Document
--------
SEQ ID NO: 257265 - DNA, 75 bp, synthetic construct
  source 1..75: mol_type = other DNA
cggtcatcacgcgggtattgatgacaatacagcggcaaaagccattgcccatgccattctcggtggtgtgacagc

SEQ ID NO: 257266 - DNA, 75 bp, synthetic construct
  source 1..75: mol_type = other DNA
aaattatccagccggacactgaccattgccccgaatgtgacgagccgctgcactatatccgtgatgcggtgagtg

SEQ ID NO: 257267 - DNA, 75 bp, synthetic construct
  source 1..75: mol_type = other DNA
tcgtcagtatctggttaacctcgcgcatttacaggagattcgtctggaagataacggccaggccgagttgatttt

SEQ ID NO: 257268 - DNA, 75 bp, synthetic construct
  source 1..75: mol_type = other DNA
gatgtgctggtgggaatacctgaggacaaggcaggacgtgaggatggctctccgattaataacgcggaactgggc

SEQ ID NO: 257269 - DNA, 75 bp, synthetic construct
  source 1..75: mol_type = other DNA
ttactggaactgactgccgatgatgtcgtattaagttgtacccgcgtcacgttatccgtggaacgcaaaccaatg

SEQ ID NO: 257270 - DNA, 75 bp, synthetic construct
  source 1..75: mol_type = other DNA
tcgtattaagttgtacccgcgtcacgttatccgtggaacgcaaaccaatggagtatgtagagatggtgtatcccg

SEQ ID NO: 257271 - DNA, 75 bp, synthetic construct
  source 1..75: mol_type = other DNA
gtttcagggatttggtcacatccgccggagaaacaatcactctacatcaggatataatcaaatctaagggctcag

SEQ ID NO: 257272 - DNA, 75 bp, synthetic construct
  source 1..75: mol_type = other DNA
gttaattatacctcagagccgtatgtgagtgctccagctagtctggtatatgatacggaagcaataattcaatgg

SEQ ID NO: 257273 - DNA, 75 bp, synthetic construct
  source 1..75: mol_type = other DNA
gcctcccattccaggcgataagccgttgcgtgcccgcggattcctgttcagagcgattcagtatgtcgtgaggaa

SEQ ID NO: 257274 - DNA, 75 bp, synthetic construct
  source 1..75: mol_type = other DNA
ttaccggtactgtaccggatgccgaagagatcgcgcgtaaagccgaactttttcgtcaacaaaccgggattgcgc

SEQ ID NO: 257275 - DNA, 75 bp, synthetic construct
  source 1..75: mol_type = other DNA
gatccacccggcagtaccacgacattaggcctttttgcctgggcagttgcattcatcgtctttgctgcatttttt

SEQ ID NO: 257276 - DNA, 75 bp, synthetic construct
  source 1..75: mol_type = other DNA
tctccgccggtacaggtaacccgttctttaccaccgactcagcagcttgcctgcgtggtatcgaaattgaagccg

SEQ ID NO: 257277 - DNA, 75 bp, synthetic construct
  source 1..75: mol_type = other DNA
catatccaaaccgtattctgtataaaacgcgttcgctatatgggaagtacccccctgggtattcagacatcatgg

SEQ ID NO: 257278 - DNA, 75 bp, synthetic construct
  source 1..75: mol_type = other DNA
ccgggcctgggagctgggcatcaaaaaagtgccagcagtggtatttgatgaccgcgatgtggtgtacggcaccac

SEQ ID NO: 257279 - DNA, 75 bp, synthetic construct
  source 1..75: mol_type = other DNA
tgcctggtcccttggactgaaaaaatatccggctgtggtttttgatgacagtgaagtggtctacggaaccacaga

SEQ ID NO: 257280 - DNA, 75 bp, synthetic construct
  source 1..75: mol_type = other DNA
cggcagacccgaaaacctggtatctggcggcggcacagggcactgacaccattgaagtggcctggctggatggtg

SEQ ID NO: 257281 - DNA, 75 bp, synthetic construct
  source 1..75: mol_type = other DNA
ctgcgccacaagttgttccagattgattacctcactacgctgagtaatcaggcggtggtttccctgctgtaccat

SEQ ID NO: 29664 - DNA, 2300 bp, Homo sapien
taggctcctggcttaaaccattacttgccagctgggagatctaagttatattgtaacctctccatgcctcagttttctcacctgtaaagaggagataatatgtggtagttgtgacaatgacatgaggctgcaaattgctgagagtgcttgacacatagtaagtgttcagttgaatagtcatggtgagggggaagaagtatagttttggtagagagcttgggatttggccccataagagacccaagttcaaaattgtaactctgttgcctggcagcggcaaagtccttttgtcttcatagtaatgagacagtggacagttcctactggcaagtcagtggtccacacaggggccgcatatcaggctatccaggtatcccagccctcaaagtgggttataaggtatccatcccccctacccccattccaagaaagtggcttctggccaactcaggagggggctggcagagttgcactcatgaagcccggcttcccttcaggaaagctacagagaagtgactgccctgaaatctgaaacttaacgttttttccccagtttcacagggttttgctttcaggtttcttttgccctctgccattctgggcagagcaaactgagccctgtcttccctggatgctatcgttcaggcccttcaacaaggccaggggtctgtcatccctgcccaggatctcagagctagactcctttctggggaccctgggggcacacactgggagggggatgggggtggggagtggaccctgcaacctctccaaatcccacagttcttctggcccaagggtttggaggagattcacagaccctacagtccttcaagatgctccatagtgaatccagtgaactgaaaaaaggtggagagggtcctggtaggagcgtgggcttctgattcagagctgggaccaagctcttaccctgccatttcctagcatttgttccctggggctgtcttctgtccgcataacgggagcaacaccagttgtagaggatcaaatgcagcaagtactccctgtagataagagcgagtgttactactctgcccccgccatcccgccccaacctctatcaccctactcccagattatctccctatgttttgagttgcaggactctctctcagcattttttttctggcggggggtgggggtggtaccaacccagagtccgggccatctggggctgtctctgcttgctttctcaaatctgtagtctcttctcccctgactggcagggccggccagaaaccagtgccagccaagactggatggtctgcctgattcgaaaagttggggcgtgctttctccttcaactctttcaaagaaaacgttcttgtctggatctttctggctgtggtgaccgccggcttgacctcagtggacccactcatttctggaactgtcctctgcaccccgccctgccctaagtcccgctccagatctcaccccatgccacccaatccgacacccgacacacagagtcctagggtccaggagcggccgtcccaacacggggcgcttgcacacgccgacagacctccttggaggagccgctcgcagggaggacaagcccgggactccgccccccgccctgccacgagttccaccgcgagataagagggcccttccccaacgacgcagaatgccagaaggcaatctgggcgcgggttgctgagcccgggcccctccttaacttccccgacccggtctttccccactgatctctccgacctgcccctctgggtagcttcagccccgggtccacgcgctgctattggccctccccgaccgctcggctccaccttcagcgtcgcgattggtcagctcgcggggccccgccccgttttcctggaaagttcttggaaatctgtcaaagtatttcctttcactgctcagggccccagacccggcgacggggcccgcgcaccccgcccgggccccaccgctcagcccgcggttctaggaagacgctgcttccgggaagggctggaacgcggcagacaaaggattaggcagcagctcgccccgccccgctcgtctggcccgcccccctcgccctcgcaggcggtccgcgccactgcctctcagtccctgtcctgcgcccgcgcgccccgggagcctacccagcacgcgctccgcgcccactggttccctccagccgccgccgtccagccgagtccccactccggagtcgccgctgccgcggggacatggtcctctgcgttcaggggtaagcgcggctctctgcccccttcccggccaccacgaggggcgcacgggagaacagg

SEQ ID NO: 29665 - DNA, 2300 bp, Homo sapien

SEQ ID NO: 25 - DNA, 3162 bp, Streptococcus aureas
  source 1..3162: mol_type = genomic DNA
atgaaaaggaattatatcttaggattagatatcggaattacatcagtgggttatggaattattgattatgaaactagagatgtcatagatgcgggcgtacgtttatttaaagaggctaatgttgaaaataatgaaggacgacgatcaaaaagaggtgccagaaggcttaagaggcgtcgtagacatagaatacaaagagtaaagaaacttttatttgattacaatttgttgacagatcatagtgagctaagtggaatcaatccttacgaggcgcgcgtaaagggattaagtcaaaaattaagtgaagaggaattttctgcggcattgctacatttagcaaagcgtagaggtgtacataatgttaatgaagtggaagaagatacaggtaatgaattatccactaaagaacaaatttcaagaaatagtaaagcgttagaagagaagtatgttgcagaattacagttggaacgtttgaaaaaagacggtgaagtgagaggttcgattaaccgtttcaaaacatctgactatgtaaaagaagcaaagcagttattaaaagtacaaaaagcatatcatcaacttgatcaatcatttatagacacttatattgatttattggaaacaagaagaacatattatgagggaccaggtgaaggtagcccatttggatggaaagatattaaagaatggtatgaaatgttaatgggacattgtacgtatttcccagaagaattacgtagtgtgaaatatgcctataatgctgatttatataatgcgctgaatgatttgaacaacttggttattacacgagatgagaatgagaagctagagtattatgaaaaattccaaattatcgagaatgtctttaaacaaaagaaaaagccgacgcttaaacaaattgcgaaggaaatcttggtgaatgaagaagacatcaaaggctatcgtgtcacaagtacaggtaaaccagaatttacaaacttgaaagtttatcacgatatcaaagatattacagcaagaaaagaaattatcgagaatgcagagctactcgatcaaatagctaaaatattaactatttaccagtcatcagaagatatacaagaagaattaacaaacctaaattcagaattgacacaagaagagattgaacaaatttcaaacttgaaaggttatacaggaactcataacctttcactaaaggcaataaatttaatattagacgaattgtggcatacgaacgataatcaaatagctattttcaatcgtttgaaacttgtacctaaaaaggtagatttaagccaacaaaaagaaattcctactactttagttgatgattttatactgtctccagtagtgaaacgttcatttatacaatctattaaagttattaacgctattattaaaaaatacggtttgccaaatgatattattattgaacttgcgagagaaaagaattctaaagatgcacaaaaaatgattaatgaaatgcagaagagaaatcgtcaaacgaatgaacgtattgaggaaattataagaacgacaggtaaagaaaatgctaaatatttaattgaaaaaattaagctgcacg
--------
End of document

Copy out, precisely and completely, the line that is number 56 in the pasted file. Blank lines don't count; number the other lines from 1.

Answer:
  source 1..3162: mol_type = genomic DNA